June 17th, 2024

Sexual offender sentenced after sneaking across border


By Delon Shurtz on July 14, 2021.

LETHBRIDGE HERALDdshurtz@lethbridgeherald.com

A southern Alberta man who tried to sneak into the U. S. by hiking across the bald prairie not far from the Coutts border, has been sentenced to 15 months in jail.
Pedro Reimer wasn’t sentenced for his failed attempt to unlawfully enter the U.S., however, but for breaching two conditions of a previous court order; one that had placed him under house arrest at a residence in Carmangay, and the other that prohibited him from leaving Alberta.
Reimer pleaded guilty to the two counts of breaching conditions of a recognizance, and was sentenced Monday in Lethbridge provincial court.
Crown Prosecutor Dawn Janecke, who recommended Reimer receive a provincial sentence of two years less a day, told Judge Gregory Maxwell that Reimer tried to flee to Mexico in May to avoid going to prison for charges of sexual interference and invitation to sexual touching against a 13-year-old girl three years ago.
Reimer stood trial on that matter last April in Lethbridge Court of Queen’s Bench, and was found guilty by a jury, but sentencing was adjourned until June when he was sentenced to six years in a federal penitentiary. The crown opposed a defence request that Reimer remain out of custody on bail while he waited to be sentenced, and warned court the offender might attempt to flee to Mexico where his family lives.
Defence argued Reimer needed time to get his affairs in order before he was sentenced, and Justice David Labrenz, while sharing the Crown’s concerns, agreed to allow Reimer to remain on bail but with conditions intended to prevent him from fleeing.
On May 5, however, Reimer was caught after he illegally crossed the border in the middle of the prairie west of Coutts. Border officers caught up with him as he was heading toward the highway near Sweetgrass, directly south of Coutts on the U.S. side of the border.
Reimer had a temporary driver’s licence, $1,000 cash and court documents with his release conditions. He told officers a cousin had dropped him off near Coutts and he was to meet his father in Shelby, Mont. before heading to Mexico. He changed his story at one point, and said he had actually been dropped off north of Coutts by someone named Willie Nelson from Lethbridge.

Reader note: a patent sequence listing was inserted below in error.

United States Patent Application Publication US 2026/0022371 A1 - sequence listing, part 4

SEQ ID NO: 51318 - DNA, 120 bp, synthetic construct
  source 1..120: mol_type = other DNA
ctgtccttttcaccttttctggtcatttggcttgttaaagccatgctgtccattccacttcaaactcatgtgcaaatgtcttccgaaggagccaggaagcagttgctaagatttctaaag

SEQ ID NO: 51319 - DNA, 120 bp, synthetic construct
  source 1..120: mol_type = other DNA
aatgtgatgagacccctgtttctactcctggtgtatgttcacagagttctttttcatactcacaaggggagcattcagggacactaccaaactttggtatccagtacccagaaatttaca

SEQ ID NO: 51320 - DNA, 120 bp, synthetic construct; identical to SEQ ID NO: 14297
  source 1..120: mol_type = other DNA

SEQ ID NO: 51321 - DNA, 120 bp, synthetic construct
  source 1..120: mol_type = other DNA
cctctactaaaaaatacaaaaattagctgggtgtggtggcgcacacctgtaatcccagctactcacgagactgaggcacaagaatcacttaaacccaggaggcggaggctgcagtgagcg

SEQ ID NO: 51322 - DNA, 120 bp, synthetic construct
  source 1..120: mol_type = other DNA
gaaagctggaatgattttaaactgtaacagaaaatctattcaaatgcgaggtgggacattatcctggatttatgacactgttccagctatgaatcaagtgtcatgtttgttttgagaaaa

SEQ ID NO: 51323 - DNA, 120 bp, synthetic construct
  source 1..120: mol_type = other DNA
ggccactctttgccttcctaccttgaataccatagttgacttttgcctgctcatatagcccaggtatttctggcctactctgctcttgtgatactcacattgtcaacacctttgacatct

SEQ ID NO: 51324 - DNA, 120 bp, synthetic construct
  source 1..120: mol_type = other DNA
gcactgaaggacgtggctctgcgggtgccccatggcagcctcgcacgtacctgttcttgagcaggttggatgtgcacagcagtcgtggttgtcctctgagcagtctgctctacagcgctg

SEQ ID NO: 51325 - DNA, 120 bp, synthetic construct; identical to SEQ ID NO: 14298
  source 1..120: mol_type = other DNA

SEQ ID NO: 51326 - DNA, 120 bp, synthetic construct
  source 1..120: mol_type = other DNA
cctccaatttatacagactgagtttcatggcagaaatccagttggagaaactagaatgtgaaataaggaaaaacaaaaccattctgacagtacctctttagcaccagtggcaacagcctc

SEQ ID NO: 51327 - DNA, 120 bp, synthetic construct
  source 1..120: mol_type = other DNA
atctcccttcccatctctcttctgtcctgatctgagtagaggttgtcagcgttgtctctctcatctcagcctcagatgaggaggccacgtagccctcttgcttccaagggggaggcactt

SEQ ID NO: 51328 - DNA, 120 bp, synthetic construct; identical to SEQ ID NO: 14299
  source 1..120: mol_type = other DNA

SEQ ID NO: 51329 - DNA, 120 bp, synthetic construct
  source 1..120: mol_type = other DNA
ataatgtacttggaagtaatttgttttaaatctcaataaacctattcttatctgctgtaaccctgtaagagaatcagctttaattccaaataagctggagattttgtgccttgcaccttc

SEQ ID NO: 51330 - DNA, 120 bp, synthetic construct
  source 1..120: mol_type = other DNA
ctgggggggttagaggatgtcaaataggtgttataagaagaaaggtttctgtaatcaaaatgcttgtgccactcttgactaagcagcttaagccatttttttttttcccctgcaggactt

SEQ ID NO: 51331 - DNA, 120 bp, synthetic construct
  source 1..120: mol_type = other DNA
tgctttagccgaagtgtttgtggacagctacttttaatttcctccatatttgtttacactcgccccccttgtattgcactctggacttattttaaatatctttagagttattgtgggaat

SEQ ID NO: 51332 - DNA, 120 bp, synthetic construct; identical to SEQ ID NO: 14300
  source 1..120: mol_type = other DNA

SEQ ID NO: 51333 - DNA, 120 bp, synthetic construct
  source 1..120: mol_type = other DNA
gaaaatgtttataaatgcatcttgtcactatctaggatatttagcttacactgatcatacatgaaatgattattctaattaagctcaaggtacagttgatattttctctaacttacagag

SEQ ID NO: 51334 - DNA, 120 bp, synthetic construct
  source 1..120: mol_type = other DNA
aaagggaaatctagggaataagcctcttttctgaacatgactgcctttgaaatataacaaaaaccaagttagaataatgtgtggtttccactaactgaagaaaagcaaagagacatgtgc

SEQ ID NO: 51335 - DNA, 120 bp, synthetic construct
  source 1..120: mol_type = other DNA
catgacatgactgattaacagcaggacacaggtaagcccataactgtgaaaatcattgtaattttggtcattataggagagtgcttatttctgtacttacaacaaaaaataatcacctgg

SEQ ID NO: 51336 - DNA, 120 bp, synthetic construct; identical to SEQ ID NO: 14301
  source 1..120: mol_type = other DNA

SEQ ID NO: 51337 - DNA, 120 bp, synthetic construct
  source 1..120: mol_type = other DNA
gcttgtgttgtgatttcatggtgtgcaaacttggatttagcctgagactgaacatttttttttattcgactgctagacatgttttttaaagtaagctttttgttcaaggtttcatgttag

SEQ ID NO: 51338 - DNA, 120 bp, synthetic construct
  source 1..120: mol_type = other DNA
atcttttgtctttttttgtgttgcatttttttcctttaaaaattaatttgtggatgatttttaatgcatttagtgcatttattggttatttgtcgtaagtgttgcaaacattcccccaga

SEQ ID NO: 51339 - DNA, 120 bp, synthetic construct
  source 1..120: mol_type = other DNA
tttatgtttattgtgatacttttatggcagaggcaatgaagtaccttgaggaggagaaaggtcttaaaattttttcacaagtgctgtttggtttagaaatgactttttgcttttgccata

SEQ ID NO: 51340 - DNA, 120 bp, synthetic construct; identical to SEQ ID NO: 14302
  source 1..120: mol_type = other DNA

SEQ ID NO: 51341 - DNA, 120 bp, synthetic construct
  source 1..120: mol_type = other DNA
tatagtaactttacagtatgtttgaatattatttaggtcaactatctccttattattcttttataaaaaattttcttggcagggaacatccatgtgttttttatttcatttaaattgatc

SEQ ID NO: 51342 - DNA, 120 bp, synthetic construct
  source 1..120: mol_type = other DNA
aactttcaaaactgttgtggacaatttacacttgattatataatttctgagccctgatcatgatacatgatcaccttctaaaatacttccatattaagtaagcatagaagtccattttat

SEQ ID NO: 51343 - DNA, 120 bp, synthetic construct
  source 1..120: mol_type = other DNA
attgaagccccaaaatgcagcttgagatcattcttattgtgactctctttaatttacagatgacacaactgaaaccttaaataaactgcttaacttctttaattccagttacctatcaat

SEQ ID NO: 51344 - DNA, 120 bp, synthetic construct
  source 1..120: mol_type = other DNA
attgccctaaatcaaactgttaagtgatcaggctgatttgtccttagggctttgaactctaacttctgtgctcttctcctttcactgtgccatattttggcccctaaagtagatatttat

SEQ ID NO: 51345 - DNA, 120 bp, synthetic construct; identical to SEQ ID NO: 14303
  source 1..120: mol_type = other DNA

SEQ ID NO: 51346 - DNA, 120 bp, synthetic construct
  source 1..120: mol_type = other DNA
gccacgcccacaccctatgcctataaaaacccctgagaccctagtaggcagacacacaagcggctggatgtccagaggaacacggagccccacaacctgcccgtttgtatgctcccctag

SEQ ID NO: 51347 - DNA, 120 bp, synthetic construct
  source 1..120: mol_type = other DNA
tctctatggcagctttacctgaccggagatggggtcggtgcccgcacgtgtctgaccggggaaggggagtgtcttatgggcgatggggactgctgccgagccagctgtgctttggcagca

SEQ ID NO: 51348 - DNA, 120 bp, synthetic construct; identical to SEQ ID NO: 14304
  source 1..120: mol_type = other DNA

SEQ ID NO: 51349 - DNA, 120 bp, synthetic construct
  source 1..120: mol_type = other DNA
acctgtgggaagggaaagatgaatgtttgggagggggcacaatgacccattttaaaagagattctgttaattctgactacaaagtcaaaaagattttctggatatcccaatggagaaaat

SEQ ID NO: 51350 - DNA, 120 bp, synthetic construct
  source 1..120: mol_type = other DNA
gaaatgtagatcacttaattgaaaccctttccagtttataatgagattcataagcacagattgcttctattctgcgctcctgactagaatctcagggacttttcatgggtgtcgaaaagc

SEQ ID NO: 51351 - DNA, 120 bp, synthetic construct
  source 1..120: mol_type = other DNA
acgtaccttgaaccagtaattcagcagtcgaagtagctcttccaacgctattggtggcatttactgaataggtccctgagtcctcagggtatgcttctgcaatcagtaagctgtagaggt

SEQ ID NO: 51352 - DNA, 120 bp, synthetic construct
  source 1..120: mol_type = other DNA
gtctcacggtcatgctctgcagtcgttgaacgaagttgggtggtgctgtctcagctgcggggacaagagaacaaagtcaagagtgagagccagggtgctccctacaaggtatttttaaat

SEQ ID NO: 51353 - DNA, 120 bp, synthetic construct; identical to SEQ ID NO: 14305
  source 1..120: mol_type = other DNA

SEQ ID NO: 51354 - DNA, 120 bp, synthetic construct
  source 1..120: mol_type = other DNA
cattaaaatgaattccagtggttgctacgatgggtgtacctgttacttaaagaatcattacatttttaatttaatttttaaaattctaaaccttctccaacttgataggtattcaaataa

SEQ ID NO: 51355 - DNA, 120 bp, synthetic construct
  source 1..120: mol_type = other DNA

Border officials confirmed that Reimer’s father, Peter, had earlier crossed into Texas from Mexico and was on his way to pick up his son.
Janecke said Monday Reimer planned with his father to flee from Canada to avoid going to prison. She said Reimer weighed the risk of being caught crossing the border against the reward of avoiding prison, and chose to flee. Janecke said a custodial sentence for that decision must be lengthy enough to denounce the offence and deter others in similar circumstances from making the same decision. A lesser sentence, she suggested, will send a message that fleeing is worth the risk.
Lethbridge lawyer Greg White asked the judge to sentence Reimer to no more than six months in jail for the breaches, and suggested even 62 days to reflect time he served since his arrest would be appropriate.
White said Reimer, who was born in Mexico and immigrated to Canada when he was 20 years old, is remorseful, and pleaded guilty to the breach charges relatively early in the court process. The plan to flee to Mexico, White added, wasn’t Reimer’s idea.
“He was persuaded by a family member to attempt this,” White said. “Now, he has to think for himself, but he’d been advised what he was looking at and he told me that, for whatever reason, he got really stupid and decided to try this.”
Judge Maxwell agreed with the Crown and said Reimer deserves a denunciatory sentence for deliberately attempting to avoid an anticipated, lengthy custodial sentence. Maxwell did, however, give Reimer credit for the 62 days he spent in pre-trial custody, leaving 13 months to be served. The sentence will run consecutive to the sentence Reimer received for the sex offences against the young girl.

Follow @DShurtzHerald on Twitter

Share this story:

4
-3
1 Comment
Oldest
Newest Most Voted
Inline Feedbacks
View all comments